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Liquidity and crude oil prices: China’s influence over 1996-2011

Movement in China’s money supply drives the movement in world money supply over the last twenty years. Within the framework advanced by Kilian (2009) that identifies the supply and demand side factors driving oil price changes we introduce the influence of liquidity in China and other countries on oil price changes. Structural shocks are large for both G3 (U.S., Eurozone and Japan) real M2 and China’s real M2. However, the cumulative impact of real G3 M2 shocks on real oil prices is small in contrast to a large cumulative effect of China’s real M2 on the real price of crude oil. It is shown that increased liquidity in China relative to that in the U.S., Eurozone and Japan significantly raises real oil prices over 1996:1-2011:12. Following a sharp fall in real oil price in the last half of 2008, the cumulative impact of China’s real M2 on the real price of crude oil is particularly substantial in the recovery of oil price during 2009 from a low of $41.68 for January 2009. The analysis sheds light on the causes of movement in oil prices over the last twenty five years and in assessing the relative importance of China in the upsurge of the real price of crude oil.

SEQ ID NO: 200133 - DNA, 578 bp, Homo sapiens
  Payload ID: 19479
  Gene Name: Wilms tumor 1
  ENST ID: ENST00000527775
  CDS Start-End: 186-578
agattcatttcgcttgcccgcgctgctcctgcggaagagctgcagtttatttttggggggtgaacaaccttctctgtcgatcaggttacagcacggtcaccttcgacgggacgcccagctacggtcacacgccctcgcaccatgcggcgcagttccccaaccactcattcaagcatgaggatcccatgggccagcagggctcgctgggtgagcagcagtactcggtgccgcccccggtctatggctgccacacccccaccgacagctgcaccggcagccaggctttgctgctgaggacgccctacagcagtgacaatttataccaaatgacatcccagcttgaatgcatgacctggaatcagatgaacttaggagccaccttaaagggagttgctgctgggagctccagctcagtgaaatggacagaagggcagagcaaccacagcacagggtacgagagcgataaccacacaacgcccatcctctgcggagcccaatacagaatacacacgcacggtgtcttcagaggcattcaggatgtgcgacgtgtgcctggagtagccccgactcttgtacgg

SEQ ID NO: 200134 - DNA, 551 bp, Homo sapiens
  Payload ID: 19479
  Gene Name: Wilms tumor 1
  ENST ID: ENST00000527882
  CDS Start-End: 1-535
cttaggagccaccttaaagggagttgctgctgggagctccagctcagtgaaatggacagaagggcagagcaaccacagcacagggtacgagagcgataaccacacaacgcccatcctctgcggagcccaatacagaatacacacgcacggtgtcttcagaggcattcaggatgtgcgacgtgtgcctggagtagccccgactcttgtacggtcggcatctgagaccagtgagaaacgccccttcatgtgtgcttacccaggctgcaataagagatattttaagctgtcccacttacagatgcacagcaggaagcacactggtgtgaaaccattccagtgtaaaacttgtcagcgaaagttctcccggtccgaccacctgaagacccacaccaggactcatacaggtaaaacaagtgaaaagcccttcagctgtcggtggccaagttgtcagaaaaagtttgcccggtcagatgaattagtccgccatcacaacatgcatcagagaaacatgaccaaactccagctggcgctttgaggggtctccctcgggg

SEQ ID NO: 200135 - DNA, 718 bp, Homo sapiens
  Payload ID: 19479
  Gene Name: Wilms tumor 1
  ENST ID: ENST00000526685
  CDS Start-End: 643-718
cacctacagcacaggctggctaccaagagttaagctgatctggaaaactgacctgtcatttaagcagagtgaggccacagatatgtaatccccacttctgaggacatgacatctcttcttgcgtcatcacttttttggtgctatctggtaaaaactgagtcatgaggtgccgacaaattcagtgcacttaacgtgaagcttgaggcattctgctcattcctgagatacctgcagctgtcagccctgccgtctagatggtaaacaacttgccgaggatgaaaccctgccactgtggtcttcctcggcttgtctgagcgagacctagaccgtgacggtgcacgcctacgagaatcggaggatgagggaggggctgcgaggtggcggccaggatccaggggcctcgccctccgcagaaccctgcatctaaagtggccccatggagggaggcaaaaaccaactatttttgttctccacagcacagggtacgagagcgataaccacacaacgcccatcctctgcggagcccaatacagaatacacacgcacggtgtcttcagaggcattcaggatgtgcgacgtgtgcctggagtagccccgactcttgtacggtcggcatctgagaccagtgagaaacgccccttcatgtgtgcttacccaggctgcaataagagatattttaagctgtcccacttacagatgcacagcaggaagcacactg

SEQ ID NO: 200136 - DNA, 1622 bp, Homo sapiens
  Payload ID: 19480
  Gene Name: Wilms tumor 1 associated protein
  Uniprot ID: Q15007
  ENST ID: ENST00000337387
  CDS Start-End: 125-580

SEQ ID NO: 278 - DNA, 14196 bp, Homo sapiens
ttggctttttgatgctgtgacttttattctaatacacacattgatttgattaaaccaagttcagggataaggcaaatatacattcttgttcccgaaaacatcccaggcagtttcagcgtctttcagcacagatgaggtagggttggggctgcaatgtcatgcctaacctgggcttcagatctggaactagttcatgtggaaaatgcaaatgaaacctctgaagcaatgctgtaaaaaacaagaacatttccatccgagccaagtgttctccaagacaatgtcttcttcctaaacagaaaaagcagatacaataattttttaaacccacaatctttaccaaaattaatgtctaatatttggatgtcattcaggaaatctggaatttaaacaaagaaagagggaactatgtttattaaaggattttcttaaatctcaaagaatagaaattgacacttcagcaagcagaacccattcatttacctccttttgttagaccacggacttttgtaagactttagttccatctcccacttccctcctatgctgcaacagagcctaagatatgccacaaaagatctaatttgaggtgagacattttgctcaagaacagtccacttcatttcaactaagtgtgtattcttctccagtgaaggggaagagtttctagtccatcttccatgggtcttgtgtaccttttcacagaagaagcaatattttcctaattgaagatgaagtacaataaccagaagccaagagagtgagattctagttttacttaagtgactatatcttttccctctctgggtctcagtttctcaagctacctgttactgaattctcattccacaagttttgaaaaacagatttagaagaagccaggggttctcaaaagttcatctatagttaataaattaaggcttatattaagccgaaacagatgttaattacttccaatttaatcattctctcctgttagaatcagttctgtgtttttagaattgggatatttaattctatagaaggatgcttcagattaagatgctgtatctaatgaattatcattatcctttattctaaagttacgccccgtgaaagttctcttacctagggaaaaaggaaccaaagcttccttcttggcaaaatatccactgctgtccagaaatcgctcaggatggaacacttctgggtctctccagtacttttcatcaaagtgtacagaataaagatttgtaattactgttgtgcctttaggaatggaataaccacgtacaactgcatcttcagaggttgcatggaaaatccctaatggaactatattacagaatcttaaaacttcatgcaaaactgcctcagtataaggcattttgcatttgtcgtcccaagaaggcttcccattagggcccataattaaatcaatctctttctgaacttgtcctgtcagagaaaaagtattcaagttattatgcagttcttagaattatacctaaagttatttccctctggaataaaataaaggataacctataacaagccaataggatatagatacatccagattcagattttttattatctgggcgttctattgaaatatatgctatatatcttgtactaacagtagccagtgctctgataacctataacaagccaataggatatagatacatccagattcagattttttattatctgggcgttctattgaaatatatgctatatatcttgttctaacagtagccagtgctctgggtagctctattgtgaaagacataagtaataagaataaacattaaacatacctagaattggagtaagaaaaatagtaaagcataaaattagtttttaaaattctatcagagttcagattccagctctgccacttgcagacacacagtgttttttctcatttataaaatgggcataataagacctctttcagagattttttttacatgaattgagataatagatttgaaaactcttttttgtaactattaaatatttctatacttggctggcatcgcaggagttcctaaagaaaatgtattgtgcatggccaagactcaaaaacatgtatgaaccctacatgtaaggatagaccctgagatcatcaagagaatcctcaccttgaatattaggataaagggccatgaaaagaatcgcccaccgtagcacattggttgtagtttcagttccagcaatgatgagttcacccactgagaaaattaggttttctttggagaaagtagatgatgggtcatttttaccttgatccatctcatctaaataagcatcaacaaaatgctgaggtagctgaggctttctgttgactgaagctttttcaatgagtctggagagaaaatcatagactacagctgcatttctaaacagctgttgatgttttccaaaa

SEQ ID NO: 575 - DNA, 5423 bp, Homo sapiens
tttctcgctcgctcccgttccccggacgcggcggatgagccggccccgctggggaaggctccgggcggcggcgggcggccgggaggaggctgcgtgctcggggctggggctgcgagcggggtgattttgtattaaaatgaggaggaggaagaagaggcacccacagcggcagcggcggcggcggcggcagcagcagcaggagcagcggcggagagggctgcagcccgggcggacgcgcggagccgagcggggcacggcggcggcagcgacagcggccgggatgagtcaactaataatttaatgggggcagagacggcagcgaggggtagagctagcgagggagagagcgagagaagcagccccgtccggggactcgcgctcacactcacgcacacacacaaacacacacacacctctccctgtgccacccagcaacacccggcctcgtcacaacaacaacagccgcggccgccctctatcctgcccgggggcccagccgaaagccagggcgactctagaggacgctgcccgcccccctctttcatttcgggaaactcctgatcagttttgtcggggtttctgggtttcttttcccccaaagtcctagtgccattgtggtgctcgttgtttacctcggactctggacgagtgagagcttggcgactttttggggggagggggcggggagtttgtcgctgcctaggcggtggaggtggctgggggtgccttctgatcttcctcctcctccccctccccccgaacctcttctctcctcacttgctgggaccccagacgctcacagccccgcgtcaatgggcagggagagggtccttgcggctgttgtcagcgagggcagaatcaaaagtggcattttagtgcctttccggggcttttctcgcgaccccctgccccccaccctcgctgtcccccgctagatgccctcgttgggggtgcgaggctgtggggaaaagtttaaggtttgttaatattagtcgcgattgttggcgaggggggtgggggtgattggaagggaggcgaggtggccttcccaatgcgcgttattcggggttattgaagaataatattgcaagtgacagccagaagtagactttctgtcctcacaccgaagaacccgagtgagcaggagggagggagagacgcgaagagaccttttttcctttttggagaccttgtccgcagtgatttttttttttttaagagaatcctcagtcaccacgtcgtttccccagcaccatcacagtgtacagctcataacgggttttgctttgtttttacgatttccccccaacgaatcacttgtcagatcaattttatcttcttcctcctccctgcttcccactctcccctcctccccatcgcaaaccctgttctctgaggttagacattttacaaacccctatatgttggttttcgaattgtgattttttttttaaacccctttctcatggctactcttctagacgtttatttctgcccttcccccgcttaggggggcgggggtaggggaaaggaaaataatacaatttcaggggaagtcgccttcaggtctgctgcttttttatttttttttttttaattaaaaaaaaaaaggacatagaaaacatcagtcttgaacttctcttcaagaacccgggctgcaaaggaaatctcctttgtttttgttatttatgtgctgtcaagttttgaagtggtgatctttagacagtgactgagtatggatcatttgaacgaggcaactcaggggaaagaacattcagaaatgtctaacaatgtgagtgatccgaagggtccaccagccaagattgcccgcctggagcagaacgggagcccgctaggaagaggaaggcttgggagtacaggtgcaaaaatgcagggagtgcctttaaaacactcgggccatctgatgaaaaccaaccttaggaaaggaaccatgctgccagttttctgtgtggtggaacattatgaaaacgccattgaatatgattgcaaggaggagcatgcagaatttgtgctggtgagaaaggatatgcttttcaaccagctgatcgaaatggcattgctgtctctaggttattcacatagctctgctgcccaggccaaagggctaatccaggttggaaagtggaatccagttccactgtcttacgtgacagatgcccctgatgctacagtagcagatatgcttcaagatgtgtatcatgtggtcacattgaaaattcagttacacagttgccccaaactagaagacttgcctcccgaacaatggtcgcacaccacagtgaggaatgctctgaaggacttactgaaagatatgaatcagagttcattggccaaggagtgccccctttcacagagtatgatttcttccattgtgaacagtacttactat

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Paper provided by University of Tasmania, School of Economics and Finance in its series Working Papers with number 15062.

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Length: 25 pages
Date of creation: 20 Sep 2012
Date of revision: 20 Sep 2012
Publication status: Published by the University of Tasmania. Discussion paper 2012-05
Handle: RePEc:tas:wpaper:15062
Contact details of provider: Postal: Private Bag 85, Hobart, Tasmania 7001
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